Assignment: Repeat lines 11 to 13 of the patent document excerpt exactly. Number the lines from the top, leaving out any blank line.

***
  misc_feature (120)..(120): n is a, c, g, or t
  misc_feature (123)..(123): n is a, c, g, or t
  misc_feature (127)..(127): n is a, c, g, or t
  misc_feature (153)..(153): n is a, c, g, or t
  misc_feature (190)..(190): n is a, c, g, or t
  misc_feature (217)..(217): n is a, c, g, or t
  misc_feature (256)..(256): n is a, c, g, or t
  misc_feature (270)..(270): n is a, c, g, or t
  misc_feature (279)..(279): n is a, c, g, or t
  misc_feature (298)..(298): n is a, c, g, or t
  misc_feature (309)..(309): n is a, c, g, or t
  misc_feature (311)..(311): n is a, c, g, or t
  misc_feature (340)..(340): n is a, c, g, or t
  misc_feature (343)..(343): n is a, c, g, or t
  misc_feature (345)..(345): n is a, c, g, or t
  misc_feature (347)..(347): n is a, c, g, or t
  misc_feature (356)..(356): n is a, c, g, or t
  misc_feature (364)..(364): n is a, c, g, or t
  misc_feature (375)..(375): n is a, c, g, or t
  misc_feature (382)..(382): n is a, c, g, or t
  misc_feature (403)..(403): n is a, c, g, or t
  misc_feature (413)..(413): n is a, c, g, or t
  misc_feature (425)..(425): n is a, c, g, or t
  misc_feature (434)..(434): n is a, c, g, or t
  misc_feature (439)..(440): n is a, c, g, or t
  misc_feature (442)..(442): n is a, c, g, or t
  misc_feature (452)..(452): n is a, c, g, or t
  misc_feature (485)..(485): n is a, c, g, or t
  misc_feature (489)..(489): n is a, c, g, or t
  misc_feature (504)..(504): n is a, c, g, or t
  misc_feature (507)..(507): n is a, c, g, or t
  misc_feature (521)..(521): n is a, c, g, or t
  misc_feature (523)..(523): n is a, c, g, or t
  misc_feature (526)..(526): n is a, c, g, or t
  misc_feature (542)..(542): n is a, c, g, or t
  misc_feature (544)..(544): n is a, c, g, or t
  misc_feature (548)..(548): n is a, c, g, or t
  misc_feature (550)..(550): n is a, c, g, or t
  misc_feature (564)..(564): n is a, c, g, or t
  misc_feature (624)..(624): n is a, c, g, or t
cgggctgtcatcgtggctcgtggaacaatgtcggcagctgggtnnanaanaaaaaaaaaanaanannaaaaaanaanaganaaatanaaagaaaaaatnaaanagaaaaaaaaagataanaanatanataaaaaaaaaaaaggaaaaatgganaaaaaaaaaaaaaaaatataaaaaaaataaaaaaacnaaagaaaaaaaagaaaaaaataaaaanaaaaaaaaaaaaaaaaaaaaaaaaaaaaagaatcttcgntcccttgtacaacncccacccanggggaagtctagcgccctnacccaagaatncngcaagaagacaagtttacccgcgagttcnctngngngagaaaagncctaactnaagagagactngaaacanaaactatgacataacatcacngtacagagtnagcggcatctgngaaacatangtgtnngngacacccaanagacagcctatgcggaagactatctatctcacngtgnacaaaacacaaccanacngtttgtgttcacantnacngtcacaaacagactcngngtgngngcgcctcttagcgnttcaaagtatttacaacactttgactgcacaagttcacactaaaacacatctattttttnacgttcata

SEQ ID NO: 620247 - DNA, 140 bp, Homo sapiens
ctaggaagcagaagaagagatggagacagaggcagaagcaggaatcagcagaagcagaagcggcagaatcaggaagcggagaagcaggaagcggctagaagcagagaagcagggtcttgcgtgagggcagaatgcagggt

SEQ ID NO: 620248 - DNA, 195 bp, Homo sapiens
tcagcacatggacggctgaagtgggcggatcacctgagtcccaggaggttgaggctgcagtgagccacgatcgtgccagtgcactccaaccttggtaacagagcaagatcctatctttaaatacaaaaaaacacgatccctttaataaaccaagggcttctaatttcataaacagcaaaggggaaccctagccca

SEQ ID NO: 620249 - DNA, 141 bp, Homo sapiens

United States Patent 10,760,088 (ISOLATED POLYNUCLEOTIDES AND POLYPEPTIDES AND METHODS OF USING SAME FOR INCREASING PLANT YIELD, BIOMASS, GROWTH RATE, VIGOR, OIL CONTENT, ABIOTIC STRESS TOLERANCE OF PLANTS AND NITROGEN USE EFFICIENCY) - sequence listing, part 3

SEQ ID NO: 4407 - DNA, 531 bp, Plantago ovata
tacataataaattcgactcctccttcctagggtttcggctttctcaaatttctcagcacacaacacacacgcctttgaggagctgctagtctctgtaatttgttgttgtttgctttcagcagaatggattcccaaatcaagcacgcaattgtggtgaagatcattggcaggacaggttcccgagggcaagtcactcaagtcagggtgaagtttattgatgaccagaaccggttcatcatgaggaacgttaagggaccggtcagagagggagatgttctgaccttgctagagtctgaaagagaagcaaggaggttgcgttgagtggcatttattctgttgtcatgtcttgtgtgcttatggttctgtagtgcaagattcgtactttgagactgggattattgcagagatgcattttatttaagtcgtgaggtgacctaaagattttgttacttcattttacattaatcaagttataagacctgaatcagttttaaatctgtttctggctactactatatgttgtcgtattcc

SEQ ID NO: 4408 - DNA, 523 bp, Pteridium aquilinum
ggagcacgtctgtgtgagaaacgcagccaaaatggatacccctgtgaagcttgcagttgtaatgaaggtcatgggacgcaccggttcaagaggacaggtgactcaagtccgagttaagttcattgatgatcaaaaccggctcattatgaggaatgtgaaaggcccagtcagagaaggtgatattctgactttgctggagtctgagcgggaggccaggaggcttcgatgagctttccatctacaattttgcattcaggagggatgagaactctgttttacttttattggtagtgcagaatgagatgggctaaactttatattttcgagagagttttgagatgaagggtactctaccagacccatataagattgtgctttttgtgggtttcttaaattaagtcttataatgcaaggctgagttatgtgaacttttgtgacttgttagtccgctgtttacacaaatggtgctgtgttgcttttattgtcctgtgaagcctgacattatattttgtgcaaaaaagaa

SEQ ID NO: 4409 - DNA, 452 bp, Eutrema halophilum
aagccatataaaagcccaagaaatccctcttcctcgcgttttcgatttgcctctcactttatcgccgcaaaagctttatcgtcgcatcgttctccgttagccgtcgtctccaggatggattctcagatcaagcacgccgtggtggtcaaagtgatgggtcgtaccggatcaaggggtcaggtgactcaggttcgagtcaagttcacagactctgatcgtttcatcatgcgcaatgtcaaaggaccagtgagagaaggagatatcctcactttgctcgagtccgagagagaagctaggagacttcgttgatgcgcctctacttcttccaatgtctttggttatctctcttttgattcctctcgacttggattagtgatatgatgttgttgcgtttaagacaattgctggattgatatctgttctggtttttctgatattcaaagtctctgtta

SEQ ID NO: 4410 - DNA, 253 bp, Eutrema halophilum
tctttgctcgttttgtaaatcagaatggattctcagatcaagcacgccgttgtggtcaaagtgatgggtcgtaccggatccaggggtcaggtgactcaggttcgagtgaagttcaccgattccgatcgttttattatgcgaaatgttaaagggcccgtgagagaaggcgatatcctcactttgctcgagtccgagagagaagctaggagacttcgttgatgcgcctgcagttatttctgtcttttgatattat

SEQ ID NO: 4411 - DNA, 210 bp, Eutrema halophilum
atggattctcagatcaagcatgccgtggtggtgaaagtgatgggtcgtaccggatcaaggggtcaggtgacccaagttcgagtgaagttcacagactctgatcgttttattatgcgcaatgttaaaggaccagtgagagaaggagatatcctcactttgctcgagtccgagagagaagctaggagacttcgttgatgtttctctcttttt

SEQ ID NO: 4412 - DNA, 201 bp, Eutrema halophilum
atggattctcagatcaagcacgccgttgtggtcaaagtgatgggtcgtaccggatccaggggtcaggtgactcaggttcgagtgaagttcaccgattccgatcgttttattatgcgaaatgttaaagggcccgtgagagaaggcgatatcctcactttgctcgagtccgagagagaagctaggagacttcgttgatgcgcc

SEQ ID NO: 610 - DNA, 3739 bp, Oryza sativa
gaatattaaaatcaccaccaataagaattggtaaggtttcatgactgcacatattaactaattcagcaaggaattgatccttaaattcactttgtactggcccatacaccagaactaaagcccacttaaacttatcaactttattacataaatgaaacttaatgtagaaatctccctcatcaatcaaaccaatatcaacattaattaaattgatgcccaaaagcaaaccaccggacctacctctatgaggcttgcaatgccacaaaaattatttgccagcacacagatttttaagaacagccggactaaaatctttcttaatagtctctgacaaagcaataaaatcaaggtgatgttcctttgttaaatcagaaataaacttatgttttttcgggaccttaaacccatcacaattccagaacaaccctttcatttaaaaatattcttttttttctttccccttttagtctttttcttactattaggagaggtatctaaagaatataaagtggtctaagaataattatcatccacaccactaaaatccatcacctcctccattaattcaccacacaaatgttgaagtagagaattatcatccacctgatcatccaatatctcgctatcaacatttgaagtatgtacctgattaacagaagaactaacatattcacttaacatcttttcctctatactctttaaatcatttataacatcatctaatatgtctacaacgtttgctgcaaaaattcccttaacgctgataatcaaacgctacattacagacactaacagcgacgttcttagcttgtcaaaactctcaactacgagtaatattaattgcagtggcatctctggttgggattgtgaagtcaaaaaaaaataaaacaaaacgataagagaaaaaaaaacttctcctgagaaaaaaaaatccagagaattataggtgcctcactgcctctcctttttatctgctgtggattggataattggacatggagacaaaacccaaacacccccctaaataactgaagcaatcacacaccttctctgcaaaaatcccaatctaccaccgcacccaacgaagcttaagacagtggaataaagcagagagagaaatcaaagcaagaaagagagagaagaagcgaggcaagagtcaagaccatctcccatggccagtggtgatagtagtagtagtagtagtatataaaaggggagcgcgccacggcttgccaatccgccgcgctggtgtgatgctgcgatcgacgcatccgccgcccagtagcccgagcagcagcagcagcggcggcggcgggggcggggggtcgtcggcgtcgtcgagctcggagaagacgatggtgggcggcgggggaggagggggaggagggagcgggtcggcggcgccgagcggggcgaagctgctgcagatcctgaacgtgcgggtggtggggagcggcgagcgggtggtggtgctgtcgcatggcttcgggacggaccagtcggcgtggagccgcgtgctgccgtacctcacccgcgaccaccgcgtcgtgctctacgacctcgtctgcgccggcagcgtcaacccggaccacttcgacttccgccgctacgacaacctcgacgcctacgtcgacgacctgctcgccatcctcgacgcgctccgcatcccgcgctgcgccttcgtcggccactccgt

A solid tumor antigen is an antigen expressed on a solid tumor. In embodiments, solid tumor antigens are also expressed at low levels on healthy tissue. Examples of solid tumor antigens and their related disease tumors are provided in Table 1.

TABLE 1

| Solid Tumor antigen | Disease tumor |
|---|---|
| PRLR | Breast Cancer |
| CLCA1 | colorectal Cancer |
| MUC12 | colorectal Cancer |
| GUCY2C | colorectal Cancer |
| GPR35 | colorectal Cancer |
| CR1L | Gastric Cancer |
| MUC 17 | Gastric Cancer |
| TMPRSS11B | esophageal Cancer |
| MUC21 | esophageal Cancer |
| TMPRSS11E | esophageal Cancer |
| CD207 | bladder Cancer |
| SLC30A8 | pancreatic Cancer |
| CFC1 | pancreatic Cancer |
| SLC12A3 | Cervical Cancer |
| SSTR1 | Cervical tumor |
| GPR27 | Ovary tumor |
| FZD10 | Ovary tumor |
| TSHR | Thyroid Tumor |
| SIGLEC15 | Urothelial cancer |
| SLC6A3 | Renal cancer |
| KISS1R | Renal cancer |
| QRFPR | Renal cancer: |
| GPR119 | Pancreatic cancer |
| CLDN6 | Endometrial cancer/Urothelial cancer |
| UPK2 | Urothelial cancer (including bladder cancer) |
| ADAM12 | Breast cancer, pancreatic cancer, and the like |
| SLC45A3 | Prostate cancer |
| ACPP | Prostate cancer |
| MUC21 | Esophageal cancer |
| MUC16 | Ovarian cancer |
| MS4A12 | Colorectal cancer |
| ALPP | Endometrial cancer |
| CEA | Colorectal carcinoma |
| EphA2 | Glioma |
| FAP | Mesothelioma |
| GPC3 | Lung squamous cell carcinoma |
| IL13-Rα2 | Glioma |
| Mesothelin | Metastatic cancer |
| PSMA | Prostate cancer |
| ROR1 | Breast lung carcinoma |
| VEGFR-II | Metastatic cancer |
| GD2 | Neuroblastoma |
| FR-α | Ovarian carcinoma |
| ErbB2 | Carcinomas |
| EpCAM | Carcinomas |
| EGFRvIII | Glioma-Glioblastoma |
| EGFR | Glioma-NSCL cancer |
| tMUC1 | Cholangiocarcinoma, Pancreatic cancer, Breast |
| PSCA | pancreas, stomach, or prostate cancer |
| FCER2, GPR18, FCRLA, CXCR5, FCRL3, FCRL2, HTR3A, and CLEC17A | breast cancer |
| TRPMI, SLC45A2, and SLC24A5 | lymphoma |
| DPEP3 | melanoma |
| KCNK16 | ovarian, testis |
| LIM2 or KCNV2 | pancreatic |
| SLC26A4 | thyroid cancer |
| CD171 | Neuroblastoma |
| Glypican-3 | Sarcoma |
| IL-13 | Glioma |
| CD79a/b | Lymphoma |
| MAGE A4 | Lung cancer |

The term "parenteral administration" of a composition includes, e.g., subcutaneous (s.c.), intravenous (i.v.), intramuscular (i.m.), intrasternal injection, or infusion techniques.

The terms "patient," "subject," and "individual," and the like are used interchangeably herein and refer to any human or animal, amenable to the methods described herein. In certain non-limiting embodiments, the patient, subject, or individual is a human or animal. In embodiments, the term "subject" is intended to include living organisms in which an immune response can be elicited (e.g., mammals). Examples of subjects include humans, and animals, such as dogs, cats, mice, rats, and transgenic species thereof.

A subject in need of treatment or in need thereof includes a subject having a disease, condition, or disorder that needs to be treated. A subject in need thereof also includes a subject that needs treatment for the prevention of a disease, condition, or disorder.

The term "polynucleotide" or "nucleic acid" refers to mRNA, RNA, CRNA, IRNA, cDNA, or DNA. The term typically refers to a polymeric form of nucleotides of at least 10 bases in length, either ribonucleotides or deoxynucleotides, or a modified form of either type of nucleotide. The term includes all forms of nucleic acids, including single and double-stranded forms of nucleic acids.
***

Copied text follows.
  misc_feature (309)..(309): n is a, c, g, or t
  misc_feature (311)..(311): n is a, c, g, or t
  misc_feature (340)..(340): n is a, c, g, or t